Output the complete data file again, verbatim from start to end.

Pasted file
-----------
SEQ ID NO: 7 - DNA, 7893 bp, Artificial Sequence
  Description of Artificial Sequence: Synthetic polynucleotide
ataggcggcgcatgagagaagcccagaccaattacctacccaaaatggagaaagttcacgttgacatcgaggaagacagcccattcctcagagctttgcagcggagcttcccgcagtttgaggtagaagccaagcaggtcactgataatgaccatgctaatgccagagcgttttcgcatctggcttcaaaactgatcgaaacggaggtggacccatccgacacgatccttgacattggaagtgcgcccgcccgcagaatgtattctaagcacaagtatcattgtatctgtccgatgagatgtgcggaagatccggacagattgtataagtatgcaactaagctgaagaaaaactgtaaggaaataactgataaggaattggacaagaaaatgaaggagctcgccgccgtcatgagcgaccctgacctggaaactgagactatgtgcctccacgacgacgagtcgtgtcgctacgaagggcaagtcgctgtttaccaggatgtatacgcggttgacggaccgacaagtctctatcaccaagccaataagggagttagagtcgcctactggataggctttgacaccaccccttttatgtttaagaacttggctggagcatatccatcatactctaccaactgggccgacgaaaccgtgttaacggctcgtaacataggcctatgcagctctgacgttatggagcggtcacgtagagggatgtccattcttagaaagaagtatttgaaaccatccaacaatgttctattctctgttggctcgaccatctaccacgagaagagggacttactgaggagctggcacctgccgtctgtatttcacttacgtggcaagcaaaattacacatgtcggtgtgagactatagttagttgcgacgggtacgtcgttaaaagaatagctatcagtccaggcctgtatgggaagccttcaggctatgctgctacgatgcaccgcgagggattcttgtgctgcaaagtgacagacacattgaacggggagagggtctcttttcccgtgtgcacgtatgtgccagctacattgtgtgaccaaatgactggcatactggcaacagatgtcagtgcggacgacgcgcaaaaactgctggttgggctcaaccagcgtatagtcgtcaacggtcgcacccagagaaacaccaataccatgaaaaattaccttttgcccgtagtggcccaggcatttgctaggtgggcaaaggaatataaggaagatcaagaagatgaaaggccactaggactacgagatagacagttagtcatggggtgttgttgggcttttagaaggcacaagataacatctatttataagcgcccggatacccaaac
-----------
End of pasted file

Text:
SEQ ID NO: 7 - DNA, 7893 bp, Artificial Sequence
  Description of Artificial Sequence: Synthetic polynucleotide
ataggcggcgcatgagagaagcccagaccaattacctacccaaaatggagaaagttcacgttgacatcgaggaagacagcccattcctcagagctttgcagcggagcttcccgcagtttgaggtagaagccaagcaggtcactgataatgaccatgctaatgccagagcgttttcgcatctggcttcaaaactgatcgaaacggaggtggacccatccgacacgatccttgacattggaagtgcgcccgcccgcagaatgtattctaagcacaagtatcattgtatctgtccgatgagatgtgcggaagatccggacagattgtataagtatgcaactaagctgaagaaaaactgtaaggaaataactgataaggaattggacaagaaaatgaaggagctcgccgccgtcatgagcgaccctgacctggaaactgagactatgtgcctccacgacgacgagtcgtgtcgctacgaagggcaagtcgctgtttaccaggatgtatacgcggttgacggaccgacaagtctctatcaccaagccaataagggagttagagtcgcctactggataggctttgacaccaccccttttatgtttaagaacttggctggagcatatccatcatactctaccaactgggccgacgaaaccgtgttaacggctcgtaacataggcctatgcagctctgacgttatggagcggtcacgtagagggatgtccattcttagaaagaagtatttgaaaccatccaacaatgttctattctctgttggctcgaccatctaccacgagaagagggacttactgaggagctggcacctgccgtctgtatttcacttacgtggcaagcaaaattacacatgtcggtgtgagactatagttagttgcgacgggtacgtcgttaaaagaatagctatcagtccaggcctgtatgggaagccttcaggctatgctgctacgatgcaccgcgagggattcttgtgctgcaaagtgacagacacattgaacggggagagggtctcttttcccgtgtgcacgtatgtgccagctacattgtgtgaccaaatgactggcatactggcaacagatgtcagtgcggacgacgcgcaaaaactgctggttgggctcaaccagcgtatagtcgtcaacggtcgcacccagagaaacaccaataccatgaaaaattaccttttgcccgtagtggcccaggcatttgctaggtgggcaaaggaatataaggaagatcaagaagatgaaaggccactaggactacgagatagacagttagtcatggggtgttgttgggcttttagaaggcacaagataacatctatttataagcgcccggatacccaaac